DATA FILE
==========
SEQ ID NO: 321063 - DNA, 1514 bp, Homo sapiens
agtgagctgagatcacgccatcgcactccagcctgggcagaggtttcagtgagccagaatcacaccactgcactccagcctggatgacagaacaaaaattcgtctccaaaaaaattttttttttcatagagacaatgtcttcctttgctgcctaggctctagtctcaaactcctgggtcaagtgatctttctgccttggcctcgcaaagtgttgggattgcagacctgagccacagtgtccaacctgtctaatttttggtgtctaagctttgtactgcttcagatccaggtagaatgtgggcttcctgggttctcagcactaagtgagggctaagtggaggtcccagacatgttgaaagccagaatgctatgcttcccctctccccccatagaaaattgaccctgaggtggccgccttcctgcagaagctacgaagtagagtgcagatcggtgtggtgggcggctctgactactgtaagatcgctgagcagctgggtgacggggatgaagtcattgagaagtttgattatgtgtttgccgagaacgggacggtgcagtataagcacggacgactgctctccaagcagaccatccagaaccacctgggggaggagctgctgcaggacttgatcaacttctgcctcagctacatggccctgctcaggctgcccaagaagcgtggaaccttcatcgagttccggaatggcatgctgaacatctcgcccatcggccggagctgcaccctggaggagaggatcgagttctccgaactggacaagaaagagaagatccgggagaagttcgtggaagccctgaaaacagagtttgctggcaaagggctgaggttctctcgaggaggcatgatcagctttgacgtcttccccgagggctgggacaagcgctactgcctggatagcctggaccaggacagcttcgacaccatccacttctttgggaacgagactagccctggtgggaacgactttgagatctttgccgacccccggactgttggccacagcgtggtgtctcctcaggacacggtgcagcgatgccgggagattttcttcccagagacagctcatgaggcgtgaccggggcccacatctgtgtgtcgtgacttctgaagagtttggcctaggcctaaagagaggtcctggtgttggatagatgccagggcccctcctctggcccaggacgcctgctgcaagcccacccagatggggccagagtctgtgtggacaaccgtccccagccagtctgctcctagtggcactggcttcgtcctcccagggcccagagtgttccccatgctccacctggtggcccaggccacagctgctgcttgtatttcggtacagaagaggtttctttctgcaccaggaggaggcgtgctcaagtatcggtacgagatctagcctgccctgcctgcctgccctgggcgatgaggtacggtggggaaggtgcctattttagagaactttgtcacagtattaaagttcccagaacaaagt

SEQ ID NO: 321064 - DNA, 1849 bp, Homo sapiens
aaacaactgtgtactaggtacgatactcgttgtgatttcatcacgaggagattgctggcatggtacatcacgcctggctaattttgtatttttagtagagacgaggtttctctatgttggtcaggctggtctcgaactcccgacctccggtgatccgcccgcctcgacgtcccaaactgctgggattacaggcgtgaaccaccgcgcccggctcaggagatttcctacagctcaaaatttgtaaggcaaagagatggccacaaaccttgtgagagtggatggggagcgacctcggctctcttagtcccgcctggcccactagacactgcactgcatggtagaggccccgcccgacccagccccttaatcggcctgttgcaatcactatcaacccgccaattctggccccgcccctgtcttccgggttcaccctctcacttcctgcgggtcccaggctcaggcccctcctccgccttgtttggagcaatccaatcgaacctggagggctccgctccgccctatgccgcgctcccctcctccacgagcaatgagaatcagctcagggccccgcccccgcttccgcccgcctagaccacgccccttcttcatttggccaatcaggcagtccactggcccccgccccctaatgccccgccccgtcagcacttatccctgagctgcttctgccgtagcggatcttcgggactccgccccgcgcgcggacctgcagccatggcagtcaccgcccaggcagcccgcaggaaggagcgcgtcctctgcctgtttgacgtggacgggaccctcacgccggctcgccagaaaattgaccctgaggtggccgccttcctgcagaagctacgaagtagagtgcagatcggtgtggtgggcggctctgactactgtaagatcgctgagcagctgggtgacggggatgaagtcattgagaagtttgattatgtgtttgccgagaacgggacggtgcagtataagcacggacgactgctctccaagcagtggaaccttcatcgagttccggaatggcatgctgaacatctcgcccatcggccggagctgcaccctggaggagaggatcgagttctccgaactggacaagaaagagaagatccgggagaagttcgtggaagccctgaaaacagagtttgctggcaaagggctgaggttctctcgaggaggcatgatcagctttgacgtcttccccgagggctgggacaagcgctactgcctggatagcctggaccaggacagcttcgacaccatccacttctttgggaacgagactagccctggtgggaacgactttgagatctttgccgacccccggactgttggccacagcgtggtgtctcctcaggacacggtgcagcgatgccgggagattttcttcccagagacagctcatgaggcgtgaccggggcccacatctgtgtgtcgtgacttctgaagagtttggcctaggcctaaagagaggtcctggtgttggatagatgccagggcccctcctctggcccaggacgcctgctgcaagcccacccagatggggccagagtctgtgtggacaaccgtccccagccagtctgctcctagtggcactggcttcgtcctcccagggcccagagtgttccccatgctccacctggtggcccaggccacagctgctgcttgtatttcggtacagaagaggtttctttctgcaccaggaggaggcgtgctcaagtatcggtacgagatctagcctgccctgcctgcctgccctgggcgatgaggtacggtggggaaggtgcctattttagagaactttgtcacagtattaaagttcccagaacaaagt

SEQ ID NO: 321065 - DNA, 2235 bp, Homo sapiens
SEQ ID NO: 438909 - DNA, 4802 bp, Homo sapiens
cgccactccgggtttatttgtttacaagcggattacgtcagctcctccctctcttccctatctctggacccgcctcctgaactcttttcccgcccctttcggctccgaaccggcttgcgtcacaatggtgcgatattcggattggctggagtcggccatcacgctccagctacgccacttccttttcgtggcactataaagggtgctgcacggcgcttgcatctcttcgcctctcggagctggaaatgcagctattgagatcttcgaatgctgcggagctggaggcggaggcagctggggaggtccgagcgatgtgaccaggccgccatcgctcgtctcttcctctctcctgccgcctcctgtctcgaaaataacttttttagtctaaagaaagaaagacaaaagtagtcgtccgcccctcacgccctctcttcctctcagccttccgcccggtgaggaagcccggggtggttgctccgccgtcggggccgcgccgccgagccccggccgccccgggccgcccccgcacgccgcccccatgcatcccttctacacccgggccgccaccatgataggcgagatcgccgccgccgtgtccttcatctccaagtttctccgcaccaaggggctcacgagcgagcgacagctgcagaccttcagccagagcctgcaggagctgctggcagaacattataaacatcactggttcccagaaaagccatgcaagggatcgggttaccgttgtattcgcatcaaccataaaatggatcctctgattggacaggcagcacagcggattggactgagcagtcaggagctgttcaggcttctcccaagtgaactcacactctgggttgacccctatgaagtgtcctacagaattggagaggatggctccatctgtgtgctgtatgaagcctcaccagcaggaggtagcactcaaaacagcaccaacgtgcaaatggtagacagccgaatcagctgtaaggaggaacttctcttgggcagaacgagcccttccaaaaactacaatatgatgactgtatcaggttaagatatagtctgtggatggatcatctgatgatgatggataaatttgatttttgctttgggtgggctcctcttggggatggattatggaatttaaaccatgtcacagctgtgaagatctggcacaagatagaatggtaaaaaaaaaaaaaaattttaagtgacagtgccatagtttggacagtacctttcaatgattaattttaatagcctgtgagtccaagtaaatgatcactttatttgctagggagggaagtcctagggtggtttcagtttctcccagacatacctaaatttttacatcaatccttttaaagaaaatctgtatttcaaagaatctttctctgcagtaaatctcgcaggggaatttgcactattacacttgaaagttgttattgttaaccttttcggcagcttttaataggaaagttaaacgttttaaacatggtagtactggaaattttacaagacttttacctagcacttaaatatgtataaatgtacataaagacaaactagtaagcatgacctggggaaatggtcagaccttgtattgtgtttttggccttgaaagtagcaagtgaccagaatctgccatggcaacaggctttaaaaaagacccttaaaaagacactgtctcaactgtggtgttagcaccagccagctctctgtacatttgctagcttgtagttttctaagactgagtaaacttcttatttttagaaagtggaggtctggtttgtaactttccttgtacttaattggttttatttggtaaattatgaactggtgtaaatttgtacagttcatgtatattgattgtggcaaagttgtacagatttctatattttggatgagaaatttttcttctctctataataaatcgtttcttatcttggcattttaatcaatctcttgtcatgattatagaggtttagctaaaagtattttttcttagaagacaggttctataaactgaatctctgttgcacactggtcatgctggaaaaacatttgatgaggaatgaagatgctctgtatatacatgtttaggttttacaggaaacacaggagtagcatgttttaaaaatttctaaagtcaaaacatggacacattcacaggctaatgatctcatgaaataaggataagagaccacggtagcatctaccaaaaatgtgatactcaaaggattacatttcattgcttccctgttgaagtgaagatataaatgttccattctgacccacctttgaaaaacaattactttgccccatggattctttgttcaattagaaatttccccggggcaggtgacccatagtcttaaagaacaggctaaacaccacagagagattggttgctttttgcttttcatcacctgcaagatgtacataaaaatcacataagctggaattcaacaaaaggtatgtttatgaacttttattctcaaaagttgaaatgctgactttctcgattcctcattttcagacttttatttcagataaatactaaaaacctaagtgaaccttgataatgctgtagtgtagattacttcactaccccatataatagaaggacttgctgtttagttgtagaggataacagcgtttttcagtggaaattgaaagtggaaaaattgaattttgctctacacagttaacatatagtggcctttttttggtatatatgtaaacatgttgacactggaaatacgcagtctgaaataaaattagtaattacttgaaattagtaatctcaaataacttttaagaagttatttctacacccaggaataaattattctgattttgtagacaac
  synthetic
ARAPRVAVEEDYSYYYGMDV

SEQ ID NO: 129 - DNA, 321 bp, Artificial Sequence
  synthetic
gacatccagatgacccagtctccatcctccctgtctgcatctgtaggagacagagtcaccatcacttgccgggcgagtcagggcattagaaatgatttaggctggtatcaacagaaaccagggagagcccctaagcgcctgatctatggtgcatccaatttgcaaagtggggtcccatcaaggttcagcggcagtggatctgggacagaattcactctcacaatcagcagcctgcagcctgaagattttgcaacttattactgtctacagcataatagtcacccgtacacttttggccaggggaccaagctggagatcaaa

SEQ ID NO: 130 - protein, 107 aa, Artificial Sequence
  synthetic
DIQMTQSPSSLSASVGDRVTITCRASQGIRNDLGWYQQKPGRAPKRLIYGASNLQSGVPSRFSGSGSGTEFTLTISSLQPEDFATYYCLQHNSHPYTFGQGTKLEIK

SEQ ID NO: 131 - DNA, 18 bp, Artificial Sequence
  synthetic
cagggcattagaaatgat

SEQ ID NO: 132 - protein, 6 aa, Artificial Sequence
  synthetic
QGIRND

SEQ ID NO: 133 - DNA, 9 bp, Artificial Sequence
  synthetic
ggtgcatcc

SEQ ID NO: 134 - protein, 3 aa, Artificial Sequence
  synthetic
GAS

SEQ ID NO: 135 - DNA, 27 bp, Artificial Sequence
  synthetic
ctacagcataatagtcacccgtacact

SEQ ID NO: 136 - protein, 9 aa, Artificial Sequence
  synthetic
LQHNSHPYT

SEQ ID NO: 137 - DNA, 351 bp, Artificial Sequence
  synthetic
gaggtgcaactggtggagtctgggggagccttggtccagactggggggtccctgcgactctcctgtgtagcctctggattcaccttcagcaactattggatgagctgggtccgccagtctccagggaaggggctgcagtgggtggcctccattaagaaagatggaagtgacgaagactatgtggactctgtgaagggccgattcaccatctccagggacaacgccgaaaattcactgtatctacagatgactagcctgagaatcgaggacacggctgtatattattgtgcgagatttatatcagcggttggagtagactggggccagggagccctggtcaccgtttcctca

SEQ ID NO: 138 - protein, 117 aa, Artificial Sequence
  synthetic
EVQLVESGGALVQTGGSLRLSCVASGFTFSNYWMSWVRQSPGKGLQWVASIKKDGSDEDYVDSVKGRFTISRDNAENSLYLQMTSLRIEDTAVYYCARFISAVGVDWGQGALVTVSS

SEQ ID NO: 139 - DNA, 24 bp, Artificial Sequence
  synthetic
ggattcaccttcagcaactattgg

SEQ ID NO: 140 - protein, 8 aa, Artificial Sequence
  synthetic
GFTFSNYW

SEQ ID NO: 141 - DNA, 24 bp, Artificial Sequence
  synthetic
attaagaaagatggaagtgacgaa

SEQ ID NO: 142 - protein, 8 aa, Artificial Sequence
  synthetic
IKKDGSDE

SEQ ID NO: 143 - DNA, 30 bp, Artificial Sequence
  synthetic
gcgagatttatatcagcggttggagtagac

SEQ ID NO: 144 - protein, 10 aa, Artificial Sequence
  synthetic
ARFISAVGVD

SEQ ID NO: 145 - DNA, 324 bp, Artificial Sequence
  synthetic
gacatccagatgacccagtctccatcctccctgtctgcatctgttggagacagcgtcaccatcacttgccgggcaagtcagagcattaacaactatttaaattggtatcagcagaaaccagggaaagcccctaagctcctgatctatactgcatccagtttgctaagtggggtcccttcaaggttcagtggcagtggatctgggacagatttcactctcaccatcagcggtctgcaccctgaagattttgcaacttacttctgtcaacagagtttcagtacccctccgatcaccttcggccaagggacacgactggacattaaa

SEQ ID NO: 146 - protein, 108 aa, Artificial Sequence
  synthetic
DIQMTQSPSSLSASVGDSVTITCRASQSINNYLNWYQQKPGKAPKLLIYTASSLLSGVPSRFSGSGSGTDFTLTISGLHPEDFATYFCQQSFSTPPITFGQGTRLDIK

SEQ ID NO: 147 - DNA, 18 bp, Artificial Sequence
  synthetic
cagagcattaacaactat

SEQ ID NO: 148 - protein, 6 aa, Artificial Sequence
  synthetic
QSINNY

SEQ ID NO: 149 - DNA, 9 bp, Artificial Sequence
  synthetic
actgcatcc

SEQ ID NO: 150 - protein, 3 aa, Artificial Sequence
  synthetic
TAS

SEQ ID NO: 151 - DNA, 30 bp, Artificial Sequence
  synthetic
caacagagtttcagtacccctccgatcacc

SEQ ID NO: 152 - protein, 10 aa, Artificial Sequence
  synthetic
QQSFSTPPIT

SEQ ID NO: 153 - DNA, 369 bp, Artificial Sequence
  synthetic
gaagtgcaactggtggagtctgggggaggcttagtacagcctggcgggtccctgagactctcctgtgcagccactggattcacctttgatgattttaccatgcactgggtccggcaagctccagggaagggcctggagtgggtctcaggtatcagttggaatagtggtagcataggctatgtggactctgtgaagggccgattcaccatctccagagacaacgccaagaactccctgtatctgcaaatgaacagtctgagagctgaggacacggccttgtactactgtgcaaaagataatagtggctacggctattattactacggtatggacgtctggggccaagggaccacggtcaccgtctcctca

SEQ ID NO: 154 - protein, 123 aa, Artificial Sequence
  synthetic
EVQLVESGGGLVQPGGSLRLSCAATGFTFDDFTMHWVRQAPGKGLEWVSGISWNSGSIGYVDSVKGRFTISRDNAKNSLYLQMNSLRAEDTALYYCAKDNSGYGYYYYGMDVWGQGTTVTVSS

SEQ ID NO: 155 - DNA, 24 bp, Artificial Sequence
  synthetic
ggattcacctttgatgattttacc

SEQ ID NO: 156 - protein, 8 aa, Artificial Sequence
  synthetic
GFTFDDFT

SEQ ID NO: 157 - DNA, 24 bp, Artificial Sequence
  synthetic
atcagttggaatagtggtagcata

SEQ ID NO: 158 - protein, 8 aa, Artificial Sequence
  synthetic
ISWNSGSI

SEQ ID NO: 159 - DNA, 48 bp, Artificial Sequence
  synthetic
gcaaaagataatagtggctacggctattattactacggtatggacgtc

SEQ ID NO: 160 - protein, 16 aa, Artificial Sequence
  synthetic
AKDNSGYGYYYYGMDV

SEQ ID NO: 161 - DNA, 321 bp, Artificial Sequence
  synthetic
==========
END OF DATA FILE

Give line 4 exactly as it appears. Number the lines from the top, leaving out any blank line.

aaacaactgtgtactaggtacgatactcgttgtgatttcatcacgaggagattgctggcatggtacatcacgcctggctaattttgtatttttagtagagacgaggtttctctatgttggtcaggctggtctcgaactcccgacctccggtgatccgcccgcctcgacgtcccaaactgctgggattacaggcgtgaaccaccgcgcccggctcaggagatttcctacagctcaaaatttgtaaggcaaagagatggccacaaaccttgtgagagtggatggggagcgacctcggctctcttagtcccgcctggcccactagacactgcactgcatggtagaggccccgcccgacccagccccttaatcggcctgttgcaatcactatcaacccgccaattctggccccgcccctgtcttccgggttcaccctctcacttcctgcgggtcccaggctcaggcccctcctccgccttgtttggagcaatccaatcgaacctggagggctccgctccgccctatgccgcgctcccctcctccacgagcaatgagaatcagctcagggccccgcccccgcttccgcccgcctagaccacgccccttcttcatttggccaatcaggcagtccactggcccccgccccctaatgccccgccccgtcagcacttatccctgagctgcttctgccgtagcggatcttcgggactccgccccgcgcgcggacctgcagccatggcagtcaccgcccaggcagcccgcaggaaggagcgcgtcctctgcctgtttgacgtggacgggaccctcacgccggctcgccagaaaattgaccctgaggtggccgccttcctgcagaagctacgaagtagagtgcagatcggtgtggtgggcggctctgactactgtaagatcgctgagcagctgggtgacggggatgaagtcattgagaagtttgattatgtgtttgccgagaacgggacggtgcagtataagcacggacgactgctctccaagcagtggaaccttcatcgagttccggaatggcatgctgaacatctcgcccatcggccggagctgcaccctggaggagaggatcgagttctccgaactggacaagaaagagaagatccgggagaagttcgtggaagccctgaaaacagagtttgctggcaaagggctgaggttctctcgaggaggcatgatcagctttgacgtcttccccgagggctgggacaagcgctactgcctggatagcctggaccaggacagcttcgacaccatccacttctttgggaacgagactagccctggtgggaacgactttgagatctttgccgacccccggactgttggccacagcgtggtgtctcctcaggacacggtgcagcgatgccgggagattttcttcccagagacagctcatgaggcgtgaccggggcccacatctgtgtgtcgtgacttctgaagagtttggcctaggcctaaagagaggtcctggtgttggatagatgccagggcccctcctctggcccaggacgcctgctgcaagcccacccagatggggccagagtctgtgtggacaaccgtccccagccagtctgctcctagtggcactggcttcgtcctcccagggcccagagtgttccccatgctccacctggtggcccaggccacagctgctgcttgtatttcggtacagaagaggtttctttctgcaccaggaggaggcgtgctcaagtatcggtacgagatctagcctgccctgcctgcctgccctgggcgatgaggtacggtggggaaggtgcctattttagagaactttgtcacagtattaaagttcccagaacaaagt